Major finding: In all, 133 palliative care videos (28%) were good quality and 335 were poor quality (72%).
Data source: Retrospective analysis of 468 YouTube videos.
Disclosures: The authors reported having no financial disclosures.
NEW ORLEANS – Just 28% of 468 videos sampled from YouTube were rated as having useful information on palliative care, hospice, or end of life, while 72% were considered poor quality.
Unfortunately, the poor information is getting much more exposure: Poor-quality videos averaged about 28,056,711 million hits, compared with only about 11,808 hits for the good-quality videos, Benjamin Getter, D.O., said at the annual meeting of the American Academy of Hospice and Palliative Medicine.
One reason may be the sheer volume of videos and that patients are likely to use filters or broad search terms such as "palliative care" or "pain." YouTube queues up videos containing those words based on viewer count, so when view counts are low, videos get pushed back further on search results page.
"Studies have shown that whether it’s Google or YouTube, the distance you will go looking for your information decreases exponentially," he said. "The third page of Google might as well not exist."
Dr. Getter pointed out that more than 700 YouTube videos are shared on Twitter each minute and that 100 million people take some social action be it sharing, liking, or commenting on YouTube every week. Younger generations are also using YouTube videos as a source of news, "This is something we need to take advantage of," he said.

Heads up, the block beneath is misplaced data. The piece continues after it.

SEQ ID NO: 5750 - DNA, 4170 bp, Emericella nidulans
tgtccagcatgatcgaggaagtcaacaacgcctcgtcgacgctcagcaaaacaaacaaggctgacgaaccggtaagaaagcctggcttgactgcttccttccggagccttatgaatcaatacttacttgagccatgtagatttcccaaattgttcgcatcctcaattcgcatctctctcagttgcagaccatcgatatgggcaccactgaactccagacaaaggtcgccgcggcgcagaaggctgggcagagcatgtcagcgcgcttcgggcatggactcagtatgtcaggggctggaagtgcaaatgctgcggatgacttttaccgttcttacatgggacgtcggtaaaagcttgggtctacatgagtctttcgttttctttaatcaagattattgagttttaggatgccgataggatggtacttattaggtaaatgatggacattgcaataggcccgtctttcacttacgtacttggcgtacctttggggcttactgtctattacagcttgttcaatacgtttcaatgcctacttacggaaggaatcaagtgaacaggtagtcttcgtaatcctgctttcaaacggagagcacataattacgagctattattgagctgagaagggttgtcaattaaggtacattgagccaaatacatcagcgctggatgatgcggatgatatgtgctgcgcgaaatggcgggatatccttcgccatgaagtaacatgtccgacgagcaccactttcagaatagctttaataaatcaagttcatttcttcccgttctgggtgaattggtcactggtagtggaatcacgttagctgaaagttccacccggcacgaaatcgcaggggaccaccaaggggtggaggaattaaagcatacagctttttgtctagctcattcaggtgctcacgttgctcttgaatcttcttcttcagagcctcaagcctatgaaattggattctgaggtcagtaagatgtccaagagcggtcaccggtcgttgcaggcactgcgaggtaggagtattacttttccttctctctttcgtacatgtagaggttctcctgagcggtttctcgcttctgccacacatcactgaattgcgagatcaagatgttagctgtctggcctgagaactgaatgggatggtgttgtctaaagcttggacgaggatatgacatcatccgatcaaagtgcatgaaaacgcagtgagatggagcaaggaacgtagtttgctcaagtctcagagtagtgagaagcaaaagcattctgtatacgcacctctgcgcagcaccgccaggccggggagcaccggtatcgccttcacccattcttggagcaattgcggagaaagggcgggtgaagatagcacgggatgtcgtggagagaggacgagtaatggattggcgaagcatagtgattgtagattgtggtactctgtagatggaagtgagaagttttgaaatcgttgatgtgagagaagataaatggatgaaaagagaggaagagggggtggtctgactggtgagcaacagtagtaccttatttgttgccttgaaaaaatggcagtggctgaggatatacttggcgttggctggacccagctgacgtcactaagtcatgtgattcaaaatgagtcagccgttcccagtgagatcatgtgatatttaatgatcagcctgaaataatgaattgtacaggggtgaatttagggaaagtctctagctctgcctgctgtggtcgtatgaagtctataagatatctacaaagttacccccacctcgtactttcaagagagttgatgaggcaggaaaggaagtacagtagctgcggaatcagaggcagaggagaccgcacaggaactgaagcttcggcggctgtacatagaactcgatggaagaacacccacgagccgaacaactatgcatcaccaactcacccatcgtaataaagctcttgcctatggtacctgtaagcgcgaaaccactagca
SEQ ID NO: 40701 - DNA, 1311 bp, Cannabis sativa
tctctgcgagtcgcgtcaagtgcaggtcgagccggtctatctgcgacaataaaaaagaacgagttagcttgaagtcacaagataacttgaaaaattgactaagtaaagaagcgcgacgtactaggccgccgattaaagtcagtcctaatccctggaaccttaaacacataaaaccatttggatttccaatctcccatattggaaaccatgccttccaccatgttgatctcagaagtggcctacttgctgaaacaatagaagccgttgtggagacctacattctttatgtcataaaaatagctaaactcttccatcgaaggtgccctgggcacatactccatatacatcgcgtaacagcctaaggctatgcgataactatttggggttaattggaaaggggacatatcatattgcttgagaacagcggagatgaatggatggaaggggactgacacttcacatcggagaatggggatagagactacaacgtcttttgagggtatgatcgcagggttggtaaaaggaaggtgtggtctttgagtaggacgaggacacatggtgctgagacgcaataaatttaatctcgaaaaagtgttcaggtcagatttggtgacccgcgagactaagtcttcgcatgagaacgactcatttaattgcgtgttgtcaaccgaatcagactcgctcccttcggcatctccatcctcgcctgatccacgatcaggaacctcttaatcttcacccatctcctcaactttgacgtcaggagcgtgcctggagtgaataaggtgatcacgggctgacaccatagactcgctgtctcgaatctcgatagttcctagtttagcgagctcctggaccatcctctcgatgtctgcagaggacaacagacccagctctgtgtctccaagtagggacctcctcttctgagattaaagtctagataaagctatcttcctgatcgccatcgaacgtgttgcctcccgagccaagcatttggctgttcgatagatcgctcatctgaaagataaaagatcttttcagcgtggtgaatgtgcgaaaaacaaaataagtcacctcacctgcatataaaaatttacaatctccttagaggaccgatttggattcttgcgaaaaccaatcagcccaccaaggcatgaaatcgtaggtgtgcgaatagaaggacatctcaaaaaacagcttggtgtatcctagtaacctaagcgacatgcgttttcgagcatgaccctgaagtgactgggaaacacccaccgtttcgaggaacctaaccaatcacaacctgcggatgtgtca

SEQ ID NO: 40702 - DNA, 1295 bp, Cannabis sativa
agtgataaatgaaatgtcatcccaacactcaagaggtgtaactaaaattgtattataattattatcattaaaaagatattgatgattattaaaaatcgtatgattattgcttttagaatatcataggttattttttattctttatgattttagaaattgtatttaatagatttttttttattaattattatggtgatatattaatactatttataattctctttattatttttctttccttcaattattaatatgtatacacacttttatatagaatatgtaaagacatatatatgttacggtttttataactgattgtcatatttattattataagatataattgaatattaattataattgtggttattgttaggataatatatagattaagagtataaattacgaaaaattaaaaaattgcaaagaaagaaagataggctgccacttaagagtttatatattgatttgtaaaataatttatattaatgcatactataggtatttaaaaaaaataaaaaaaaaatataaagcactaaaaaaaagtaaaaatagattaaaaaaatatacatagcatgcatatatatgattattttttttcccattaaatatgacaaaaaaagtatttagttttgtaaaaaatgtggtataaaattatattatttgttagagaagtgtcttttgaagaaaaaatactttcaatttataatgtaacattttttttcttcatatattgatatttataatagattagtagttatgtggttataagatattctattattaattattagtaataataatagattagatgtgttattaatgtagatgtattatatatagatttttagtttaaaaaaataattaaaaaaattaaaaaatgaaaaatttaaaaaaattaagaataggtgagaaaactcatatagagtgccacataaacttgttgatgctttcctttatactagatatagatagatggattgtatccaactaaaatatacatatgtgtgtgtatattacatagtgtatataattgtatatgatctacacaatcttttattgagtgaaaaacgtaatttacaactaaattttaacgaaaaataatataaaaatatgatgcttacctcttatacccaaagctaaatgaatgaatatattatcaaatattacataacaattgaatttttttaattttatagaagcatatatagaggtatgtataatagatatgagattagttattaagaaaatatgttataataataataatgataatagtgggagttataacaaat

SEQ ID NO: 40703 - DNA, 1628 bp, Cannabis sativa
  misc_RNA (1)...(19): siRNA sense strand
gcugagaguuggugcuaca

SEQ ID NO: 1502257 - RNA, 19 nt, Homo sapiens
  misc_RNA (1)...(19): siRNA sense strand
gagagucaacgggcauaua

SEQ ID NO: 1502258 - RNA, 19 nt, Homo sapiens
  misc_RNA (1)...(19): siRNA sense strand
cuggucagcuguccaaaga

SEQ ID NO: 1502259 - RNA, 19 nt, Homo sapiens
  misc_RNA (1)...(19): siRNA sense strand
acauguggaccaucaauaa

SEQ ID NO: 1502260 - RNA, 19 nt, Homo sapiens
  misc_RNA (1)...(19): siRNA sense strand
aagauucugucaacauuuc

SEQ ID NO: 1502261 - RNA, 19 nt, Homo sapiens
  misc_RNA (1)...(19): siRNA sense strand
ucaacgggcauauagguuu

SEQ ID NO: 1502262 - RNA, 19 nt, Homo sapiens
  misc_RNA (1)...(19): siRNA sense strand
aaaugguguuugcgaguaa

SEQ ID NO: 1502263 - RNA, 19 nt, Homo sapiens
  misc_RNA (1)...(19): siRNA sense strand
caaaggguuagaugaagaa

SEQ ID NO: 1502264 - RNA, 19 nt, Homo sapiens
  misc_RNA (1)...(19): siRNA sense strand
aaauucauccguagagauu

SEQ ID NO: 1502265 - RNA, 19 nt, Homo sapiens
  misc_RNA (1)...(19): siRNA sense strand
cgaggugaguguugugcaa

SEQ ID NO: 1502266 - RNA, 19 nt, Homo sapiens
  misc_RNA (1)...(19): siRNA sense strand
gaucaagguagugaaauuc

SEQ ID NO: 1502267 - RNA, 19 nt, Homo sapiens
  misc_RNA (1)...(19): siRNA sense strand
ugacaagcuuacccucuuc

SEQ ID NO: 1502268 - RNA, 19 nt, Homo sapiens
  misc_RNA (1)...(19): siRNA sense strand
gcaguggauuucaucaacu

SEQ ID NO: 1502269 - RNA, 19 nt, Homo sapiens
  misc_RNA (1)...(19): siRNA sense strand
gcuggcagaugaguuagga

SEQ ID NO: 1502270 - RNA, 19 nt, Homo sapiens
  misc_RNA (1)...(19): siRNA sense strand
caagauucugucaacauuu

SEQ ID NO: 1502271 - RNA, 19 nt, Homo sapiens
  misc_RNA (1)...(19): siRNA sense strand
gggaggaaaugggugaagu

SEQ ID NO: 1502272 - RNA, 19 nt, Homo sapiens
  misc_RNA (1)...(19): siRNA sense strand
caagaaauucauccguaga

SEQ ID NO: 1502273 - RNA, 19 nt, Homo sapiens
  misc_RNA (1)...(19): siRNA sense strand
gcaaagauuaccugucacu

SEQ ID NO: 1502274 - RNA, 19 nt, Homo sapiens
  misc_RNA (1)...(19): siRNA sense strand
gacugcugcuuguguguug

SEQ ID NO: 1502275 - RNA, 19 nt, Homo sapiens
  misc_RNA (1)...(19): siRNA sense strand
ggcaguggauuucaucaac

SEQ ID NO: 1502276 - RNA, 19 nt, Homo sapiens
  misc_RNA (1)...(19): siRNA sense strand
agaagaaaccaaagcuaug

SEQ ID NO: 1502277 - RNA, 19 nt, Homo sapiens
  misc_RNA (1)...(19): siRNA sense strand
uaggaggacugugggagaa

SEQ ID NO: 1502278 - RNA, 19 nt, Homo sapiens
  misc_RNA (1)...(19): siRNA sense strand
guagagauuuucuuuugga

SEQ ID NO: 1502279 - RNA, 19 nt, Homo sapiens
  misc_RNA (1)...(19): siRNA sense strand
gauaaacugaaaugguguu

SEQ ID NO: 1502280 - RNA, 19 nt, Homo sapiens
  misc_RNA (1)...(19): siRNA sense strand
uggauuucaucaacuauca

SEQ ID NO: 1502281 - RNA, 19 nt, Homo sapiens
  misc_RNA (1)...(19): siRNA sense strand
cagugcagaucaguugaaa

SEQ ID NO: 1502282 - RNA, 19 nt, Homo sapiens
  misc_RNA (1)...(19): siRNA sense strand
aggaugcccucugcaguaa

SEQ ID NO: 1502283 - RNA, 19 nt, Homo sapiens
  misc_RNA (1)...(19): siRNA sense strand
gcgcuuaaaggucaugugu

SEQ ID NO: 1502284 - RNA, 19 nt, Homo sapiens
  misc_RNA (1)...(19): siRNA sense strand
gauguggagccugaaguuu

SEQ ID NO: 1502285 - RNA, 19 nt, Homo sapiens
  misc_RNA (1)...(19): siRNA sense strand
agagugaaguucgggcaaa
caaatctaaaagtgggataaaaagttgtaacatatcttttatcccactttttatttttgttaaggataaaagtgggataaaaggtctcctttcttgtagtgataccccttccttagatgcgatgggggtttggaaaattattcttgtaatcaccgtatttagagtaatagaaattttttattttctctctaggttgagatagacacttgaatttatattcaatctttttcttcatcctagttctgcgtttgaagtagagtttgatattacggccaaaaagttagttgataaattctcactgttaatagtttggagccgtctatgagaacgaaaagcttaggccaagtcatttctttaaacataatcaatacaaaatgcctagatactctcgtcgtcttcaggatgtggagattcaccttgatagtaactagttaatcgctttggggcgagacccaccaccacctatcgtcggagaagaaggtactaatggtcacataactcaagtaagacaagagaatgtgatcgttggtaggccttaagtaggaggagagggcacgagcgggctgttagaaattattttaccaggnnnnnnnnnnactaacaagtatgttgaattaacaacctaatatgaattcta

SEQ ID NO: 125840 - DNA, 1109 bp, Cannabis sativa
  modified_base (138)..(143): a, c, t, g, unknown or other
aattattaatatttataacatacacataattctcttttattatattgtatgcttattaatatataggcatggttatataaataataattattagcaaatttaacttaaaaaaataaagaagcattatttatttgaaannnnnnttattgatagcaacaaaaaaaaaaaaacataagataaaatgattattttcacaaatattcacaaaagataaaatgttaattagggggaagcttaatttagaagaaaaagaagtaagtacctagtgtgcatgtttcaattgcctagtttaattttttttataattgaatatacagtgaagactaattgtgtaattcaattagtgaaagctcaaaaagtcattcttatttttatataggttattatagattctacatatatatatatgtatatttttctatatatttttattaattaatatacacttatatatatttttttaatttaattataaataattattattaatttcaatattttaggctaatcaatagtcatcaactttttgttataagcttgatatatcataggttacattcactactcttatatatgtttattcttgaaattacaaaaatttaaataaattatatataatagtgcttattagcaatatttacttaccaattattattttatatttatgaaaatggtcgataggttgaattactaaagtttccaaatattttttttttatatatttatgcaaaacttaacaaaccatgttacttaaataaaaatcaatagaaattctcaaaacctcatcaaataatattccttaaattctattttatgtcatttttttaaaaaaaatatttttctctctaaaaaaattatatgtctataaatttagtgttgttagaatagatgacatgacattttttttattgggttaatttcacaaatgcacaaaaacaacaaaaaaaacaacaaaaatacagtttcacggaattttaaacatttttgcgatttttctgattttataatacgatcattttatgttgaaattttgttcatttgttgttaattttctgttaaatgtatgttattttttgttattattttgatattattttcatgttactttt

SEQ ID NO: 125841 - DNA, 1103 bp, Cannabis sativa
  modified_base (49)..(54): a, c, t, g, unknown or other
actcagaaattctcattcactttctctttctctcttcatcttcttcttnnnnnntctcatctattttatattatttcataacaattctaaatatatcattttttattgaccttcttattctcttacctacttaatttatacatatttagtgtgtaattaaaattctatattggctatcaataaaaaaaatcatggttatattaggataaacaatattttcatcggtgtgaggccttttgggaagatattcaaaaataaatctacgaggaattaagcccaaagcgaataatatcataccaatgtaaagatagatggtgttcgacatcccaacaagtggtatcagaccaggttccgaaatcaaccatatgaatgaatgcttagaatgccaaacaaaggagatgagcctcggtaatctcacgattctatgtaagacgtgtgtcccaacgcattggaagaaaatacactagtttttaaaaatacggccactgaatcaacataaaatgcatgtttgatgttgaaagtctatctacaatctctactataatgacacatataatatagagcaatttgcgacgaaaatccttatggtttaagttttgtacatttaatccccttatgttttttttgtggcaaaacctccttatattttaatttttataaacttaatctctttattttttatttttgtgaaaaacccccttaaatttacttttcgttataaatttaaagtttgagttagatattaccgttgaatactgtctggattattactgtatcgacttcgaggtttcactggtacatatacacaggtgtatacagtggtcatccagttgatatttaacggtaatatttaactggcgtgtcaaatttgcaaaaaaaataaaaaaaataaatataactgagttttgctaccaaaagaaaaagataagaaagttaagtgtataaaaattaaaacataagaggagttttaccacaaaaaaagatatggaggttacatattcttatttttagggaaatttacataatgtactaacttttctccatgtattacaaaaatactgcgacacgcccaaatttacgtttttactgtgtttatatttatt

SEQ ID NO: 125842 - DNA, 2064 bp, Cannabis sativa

Dr. Getter and his coauthor, Dr. Wesam Aziz, both palliative medicine fellows at the University of Texas Health Science Center in San Antonio, identified the 468 YouTube videos by relevance and view count search strategies, and independently categorized them as useful, misleading, or personal experience. Videos creators fell into one of five categories: health care institutions, media/news organizations, hospices, universities, and individuals.
Video quality was "good" if the video had useful information, including relevant personal experiences, or "not good" if the video was misleading or not related to palliative care. In all, 133 videos were of good quality (28%) and 335 not-good quality (72%).
Dr. Getter acknowledged that the rating system was subjective, but said in an interview that "In 98% of cases, it was exceedingly obvious." For example, videos on nociceptive pain caused by trauma were obviously unrelated to palliative care pain, whereas the AAHPM’s "You're Sick. It's Serious" video was clearly useful and accurate.
As expected, good-quality videos were significantly more likely to come from educational or health care institutions, whereas poor quality videos were typically uploaded by independent sources and the news media.
"More outreach is needed to educate the public and news organizations about palliative care," he said at the meeting, also sponsored by the Hospice and Palliative Nurses Association.
Dr. Getter suggested health care organizations also could do more, such as casting a wider net for their videos and using keywords and search terms in their content to optimize their videos for search engines, a process known as search engine optimization.
"Share, share, share; be your own advocate," he urged. "You’d be surprised at how many of these videos that were great and were uploaded by health care and hospice organizations can’t be found anywhere on their websites. To me, it just seems kind of silly to go to all the trouble producing these things and not have the exposure."
The authors reported having no financial disclosures.